Thursday, April 05, 2007

Gratitude and Support

I started reading Strange Son by Portia Iversen (the co-founder of CAN) last night and I just can't put it down. Much of the book is about her relationship with a boy named Tito, a severely autistic nonverbal boy from India whose mother taught him to read, write, and communicate. He has an IQ of 185 and has written two books, being able to offer an incredible insight into the inner world of children with autism. It is fascinating! I know how lucky I am that my son is so high functioning, but reading about this child who after communicating with Portia his thoughts and feelings comes to her house and must obsessively make eight destructive laps of her entire house, with seemingly no control over his body, who cannot seem to utilize more than one of his senses at a time, it in turn makes me understand some of my own child's idiosyncracies a little more and incredibly grateful that he has as much control over himself as he does. And as he runs over to me three times as I write this to announce, "I love you," and am again reminded of what an incredible gift this ability to communicate verbally is, which I need to remember when he chatters on incessantly all day long, demanding responses or he will continue to repeat his questions or comments without end.

I signed the kids up to a local kids' gym for the next two days. They are so excited to spend the day running through the tunnels and ball pits and participate in the organized gymnastic activities. The only down side is that DH or I will have to be in the building 100% of the time since A is not potty trained yet. My day to be there is today, so I'm packing up a lot of stuff to work on while they play. I'm bringing Strange Son to finish reading along with lots of paperwork, but the most important thing I'm bringing is my laptop and two books of sample resumes for teachers. Yes, I'm going to apply for the preschool teacher position and work out the logistics if I get it. DH was not thrilled; he's concerned that A MIGHT have trouble adjusting to kindergarten and need my help during those first few weeks of school. I plan to expose the boys to their new school and teacher gradually over the summer during the last few weeks of school to help with any transition problems he might have and line up trusted loved ones to be on stand by in case they are needed, but still I get guilt from my DH that I won't be the actual person standing by, ready to run to school in case our child is having a temper tantrum. I pointed out to him that he actually does better at school than at home, having few irrational fears and less temper tantrums than he does at home, and that made DH feel a little better. I also feel that to not apply for and attempt to get a part-time teaching job that will make me feel so fulfilled and happy on the off chance that I might be needed by my children during the three hours that I'm teaching (the same three hours that ALL THREE of them will be in school) is not fair. I have never needed to come to school to assist with A in any way, so I am not sure why DH feels that kindergarten will be so incredibly different. In any case, I think I got DH to understand that I mainly just needed his support on this, needed to hear him say, "I will support you in this endeavor because I know it's something that you want. Here are my concerns; let's figure out how we can address them." We ended our discussion last night pretty much on the same page, and we're going to take it one step at a time.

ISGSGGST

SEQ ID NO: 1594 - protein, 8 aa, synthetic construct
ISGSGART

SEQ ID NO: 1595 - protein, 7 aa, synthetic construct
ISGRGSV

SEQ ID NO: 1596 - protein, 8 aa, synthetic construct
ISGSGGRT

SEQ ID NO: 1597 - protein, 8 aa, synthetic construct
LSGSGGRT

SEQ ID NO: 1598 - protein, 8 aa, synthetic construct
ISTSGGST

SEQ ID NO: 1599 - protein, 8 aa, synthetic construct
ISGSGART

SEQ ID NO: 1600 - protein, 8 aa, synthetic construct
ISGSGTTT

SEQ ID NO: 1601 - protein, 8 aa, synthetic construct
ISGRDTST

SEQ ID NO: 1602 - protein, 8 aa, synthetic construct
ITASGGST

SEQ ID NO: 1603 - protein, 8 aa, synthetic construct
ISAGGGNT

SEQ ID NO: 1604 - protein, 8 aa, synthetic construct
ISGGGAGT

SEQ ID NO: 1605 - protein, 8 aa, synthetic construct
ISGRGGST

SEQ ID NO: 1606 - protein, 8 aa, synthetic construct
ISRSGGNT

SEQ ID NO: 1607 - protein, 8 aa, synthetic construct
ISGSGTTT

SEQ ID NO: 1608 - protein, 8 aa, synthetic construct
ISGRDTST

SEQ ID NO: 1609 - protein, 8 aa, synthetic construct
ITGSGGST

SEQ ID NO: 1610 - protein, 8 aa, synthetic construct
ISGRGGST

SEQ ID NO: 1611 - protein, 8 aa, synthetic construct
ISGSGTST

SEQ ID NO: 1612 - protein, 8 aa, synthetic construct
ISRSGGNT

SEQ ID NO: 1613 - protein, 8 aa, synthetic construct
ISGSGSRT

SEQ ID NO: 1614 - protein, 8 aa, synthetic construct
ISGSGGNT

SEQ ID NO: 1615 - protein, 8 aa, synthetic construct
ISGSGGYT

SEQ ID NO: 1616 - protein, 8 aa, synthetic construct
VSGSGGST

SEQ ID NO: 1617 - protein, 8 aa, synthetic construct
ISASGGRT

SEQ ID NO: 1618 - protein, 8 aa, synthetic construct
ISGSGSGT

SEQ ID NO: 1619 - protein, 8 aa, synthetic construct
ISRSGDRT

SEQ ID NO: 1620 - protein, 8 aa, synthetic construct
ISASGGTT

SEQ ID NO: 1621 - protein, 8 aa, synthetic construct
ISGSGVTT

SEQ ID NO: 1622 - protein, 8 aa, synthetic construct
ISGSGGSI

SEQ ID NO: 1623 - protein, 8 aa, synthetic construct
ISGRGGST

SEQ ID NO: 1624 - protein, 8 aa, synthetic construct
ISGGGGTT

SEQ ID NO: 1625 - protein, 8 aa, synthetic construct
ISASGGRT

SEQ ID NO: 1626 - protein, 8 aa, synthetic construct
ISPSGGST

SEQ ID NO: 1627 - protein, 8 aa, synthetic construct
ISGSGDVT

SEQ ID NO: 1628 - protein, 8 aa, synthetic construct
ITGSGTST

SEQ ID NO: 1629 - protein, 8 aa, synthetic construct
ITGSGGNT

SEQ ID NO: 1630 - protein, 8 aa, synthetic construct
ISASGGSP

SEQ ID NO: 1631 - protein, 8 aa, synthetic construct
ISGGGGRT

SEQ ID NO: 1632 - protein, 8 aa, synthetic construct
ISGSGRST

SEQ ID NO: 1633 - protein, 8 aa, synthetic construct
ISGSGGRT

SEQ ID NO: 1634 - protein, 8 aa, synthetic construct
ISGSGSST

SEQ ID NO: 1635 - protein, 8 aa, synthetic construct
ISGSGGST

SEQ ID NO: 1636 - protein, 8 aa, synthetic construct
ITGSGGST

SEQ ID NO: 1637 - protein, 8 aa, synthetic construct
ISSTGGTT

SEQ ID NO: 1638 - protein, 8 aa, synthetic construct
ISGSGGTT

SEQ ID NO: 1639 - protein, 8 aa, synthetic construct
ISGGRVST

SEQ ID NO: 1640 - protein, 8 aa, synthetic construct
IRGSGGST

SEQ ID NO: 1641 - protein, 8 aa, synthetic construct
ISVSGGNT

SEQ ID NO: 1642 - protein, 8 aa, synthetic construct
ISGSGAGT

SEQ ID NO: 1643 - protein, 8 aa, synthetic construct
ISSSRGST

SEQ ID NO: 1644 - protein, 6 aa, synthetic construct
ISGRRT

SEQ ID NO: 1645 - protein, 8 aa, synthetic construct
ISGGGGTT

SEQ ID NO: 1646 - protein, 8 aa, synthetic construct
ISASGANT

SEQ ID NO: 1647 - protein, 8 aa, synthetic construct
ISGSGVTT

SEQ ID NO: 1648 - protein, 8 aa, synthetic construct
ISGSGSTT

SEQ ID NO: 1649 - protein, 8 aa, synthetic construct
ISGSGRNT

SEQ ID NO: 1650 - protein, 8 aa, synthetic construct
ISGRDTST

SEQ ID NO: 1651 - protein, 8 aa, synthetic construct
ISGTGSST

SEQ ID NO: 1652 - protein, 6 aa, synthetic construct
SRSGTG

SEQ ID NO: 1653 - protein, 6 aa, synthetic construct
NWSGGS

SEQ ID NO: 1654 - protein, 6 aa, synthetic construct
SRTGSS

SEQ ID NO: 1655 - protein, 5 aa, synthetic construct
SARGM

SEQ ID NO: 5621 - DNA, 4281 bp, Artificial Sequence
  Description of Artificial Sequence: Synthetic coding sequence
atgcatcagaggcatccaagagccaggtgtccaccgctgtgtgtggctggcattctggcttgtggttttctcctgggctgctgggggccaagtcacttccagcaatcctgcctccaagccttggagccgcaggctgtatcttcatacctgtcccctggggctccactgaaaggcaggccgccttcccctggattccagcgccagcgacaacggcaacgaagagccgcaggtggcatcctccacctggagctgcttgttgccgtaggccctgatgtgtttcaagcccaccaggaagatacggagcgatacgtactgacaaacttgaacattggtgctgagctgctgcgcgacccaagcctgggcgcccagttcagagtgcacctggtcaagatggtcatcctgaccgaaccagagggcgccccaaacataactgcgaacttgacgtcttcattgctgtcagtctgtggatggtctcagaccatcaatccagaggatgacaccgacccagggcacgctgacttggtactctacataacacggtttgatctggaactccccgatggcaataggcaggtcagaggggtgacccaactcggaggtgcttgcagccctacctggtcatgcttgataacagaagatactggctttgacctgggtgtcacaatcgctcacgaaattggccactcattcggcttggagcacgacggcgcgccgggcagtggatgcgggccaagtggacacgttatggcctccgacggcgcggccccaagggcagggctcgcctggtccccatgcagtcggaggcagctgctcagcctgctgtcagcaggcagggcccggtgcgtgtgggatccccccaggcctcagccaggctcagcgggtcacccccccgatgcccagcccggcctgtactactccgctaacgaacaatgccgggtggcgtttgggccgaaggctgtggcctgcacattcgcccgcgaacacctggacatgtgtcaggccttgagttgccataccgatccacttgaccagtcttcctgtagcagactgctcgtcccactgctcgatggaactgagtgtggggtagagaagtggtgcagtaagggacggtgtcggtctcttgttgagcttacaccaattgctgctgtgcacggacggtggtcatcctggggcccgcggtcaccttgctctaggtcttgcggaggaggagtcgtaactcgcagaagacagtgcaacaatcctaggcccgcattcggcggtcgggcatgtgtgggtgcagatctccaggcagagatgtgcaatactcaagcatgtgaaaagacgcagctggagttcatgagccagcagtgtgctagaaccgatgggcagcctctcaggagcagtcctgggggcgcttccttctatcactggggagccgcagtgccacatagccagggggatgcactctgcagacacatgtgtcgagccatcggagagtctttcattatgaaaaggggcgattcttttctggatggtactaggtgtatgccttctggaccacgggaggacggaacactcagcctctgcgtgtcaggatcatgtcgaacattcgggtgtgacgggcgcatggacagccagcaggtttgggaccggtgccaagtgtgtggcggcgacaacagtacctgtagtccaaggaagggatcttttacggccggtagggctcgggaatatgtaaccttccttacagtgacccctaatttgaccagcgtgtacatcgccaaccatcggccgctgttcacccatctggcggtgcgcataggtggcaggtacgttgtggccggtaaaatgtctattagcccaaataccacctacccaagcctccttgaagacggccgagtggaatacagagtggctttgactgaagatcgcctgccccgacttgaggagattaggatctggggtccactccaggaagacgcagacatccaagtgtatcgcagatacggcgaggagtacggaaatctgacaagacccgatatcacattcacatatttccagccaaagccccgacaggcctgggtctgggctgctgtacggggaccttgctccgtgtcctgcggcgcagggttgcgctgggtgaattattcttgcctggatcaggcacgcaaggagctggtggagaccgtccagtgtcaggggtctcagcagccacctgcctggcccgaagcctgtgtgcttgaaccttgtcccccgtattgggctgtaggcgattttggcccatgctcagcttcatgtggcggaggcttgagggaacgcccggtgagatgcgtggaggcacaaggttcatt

2 comments:

M-j said...

Is Aaron going to his current school for Kindergarten or the public kindergarten?
Just curious. If he is going to the public kindergarten, once you have your transition meeting you can request a PCA to help him the first few weeks at school, which can be faded after the first few weeks if needed or kept there for a while just to make sure.
If he is going to his current (private) placement, keep in mind it will be more difficult to get the SD to provide ANYTHING.

Mommy Brain said...

I'll keep my fingers crossed for you on the teaching job. It sounds like a great opportunity and that you're taking good steps to make sure a support system is in place for Aaron.